You couldn’t be blamed for not knowing the reporters and editors at cleveland.com. They don’t build cult followings on social media with nonstop messages about their crusading roles. They believe that journalism is about what others do and don’t use social media to call attention to themselves.Quinn’s column was met with immediate derision, with accomplished veteran journalists like L.A. Times City Editor Hector Berrerra calling it a “dumpster fire,” and Tampa Bay Times reporter Mark Puente citing the piece as an example of “delirious newsroom leader[ship],” while pointing out that Quinn was once a “hard-nosed reporter and editor,” and wondering, “what happened?”
The people I work with just keep their heads down and produce the stories, photos, audio and video that you so clearly value — you engage with it in huge numbers.
I find so much dignity in my cleveland.com colleagues. They do the work. Diligently. Accurately. With quiet determination. Without bias.
There’s a danger in your not getting to know them, though. Some people with dubious motives – people who appear to be unafflicted by truth — would have you believe that journalism is dying in Cleveland. That’s false, of course, as any objective review of cleveland.com’s coronavirus coverage would prove. Journalism thrives in Cleveland in the form of our 60-plus reporters and editors.
No disrespect to the reporters mentioned in this column, but Chris Quinn is delirious as a newsroom leader in Cleveland. What a terrible way to introduce staffers. Quinn was a hard-nosed reporter and editor. What happened? https://t.co/BLXfAZxyd6— Mark Puente (@MarkPuente) April 11, 2020
Peter,My reply, for the sake of transparency, is below as well.
Thanks for flagging your piece.
What continues to surprise me in all that has been written about Cleveland is the lack of an objective review of the current state, an honest comparison of Cleveland to other cities. The watchdog work done by the cleveland.com newsroom — on the courts, jail, police, lately the health board and so many other topics — is immeasurable. The reporters here ask so many hard questions that people have come to take it for granted.
The simple fact is that the journalists in the cleveland.com newsroom have produced the huge majority of content in this city, gathered the huge majority of the audience and brought about the huge majority of positive change. It's all there for anyone who wants to take the time to look at it.
The loss of journalism positions in this country and Cleveland has been awful, obviously It's been a challenge we've been dealing with for at least 15 years. But in Cleveland, we made the move nearly seven years ago to aim for sustainable journalism in a changing age. But what we've done is ignored in pieces like yours. It's so much easier to talk solely about how big The Plain Dealer once was compared to now. To make cursory references to the digital arm.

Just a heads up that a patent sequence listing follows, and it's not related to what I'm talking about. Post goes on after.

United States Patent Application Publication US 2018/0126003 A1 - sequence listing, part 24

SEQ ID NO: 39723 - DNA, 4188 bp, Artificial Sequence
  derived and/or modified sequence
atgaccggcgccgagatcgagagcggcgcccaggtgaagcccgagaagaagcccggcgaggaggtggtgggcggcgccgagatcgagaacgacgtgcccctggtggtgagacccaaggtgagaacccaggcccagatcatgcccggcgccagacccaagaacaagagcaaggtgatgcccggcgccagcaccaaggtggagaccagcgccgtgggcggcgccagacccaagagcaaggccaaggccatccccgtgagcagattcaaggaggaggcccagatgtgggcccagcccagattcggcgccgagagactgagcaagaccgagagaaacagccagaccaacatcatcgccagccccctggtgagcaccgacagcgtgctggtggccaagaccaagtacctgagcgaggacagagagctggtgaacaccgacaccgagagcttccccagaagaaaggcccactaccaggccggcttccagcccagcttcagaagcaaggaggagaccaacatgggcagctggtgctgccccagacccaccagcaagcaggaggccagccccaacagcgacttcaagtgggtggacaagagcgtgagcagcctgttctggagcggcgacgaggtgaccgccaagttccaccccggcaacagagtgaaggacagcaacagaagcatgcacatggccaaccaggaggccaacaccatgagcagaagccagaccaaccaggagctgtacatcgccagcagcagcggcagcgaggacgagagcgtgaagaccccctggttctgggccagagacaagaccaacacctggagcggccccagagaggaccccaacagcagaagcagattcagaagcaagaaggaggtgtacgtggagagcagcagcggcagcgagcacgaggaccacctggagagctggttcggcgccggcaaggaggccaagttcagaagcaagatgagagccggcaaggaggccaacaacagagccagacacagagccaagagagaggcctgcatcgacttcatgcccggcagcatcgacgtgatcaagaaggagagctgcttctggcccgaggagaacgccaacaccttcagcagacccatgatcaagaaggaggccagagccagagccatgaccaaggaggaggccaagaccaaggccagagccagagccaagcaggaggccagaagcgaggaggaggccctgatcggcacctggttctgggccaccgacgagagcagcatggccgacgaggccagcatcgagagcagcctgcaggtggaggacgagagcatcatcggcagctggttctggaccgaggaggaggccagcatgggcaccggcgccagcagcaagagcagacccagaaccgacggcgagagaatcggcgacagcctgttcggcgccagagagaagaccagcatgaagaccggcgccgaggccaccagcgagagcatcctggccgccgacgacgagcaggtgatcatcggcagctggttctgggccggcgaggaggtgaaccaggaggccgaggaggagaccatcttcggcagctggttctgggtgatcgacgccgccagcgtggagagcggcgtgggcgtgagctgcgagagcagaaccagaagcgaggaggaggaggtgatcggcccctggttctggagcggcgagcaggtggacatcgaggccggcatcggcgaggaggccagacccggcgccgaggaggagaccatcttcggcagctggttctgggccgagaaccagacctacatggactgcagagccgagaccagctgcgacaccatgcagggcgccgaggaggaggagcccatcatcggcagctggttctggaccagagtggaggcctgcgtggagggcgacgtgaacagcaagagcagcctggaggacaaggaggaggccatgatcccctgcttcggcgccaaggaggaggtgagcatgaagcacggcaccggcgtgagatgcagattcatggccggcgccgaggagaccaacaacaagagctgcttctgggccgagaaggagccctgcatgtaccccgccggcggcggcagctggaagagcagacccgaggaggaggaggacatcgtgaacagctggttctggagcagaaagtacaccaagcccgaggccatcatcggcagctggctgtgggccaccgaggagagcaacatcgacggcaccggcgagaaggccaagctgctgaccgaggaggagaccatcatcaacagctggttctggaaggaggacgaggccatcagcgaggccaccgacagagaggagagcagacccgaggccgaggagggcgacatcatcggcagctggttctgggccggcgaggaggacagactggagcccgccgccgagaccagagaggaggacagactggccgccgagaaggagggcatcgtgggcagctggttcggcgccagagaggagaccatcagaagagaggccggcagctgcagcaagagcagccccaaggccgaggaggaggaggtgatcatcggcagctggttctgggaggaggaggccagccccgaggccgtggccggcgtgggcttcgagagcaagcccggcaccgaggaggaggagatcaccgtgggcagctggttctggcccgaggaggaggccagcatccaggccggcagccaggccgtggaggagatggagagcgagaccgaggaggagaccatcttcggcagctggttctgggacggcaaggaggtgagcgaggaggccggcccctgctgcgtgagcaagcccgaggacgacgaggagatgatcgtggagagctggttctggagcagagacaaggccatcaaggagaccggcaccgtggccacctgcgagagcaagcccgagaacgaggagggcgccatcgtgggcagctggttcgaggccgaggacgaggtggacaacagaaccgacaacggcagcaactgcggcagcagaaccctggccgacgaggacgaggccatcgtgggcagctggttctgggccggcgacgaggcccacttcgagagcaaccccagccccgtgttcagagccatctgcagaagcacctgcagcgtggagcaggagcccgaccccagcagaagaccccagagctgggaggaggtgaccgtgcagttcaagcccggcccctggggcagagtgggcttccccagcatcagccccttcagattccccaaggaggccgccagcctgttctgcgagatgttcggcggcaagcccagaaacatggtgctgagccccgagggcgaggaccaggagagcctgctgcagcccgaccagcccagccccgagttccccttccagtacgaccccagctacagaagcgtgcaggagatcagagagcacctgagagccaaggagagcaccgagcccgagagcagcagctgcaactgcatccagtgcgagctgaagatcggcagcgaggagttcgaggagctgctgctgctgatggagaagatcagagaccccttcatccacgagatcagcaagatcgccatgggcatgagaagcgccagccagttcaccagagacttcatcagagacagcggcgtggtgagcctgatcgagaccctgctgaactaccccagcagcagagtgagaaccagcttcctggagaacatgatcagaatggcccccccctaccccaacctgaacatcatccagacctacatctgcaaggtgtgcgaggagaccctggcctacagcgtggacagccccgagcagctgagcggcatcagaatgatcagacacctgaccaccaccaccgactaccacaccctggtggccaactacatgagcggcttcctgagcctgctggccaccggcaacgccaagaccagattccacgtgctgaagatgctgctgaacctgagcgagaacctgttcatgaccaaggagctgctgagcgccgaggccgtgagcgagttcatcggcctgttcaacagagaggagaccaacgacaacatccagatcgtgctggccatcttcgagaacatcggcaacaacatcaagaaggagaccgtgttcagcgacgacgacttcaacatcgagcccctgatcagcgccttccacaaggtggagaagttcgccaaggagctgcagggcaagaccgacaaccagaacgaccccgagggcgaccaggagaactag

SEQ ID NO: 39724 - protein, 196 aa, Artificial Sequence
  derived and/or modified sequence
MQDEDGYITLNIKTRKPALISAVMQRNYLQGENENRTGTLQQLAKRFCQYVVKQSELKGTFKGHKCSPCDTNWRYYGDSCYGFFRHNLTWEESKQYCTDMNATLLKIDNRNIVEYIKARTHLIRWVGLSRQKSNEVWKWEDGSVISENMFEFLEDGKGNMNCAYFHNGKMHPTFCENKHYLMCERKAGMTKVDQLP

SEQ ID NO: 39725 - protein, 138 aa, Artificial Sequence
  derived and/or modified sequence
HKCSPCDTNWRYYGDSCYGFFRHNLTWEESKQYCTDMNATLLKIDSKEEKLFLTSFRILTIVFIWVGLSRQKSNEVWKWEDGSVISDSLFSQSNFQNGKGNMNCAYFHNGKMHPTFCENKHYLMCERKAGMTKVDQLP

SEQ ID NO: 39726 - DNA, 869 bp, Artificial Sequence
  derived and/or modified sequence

We have 60-plus people doing great work in the cleveland.com newsroom. Not the "kids" that our critics use to dismiss them, but veteran reporters. By today's standards, that is a decent-sized staff for a city the size of Cleveland. I wish it were bigger. Much bigger. But for the journalism economy of 2020, it's what we have, and despite your protestations, they are the people who have been bringing you almost everything you know about what is happening in Cleveland.
Suggesting, as you do, that they are not aggressive is insulting to them, as the record proves that false.
So, we'll continue doing what we are doing, and engaging with the millions of people who come to our site every week, while you continue to try convince people of your fiction — that the latest developments have killed journalism in the region. Just know that you a disservice to the people of Northeast Ohio by doing so.
Thanks for the response, Chris. I don't think anyone is denying that some good and even great journalism is done by your reporters. The question, rather, is how could it possibly be enough? For more than a century after slavery was outlawed, U.S. politics and policy were more or less grounded in the understanding that corporate power needed to be restrained for citizens to retain basic rights. That's largely been tossed out the window since the 1980s. At the same time, unsurprisingly, inequality has spiked to levels not seen since the 1930s and social mobility in the U.S. has decreased correspondingly. These problems, as you know, are especially stark in the City of Cleveland. Which makes it all the more concerning that the City's only daily news outlet has gone from 350 union-backed journalists to 63 non-union reporters over the last 15 years. It also underscores the need for those remaining reporters to focus on the causes of our problems, not their symptoms, which we've seen far too little of from Cleveland.com and mass-media outlets nationwide.
This is basic stuff and I know you understand it. I also know there are no easy solutions here. But it's surely within the power of a family like the Newhouses, if not their responsibility, to demonstrate some leadership in recognizing that for-profit journalism has become an anachronism and finding a way forward from here. In fact it's hard to see how the Newhouse name becomes anything but mud in the history books if they don't.
As for your own influence and how far it might go in this regard, I won't venture to guess other than what I already suggested in my initial email.
Thanks again and best wishes,
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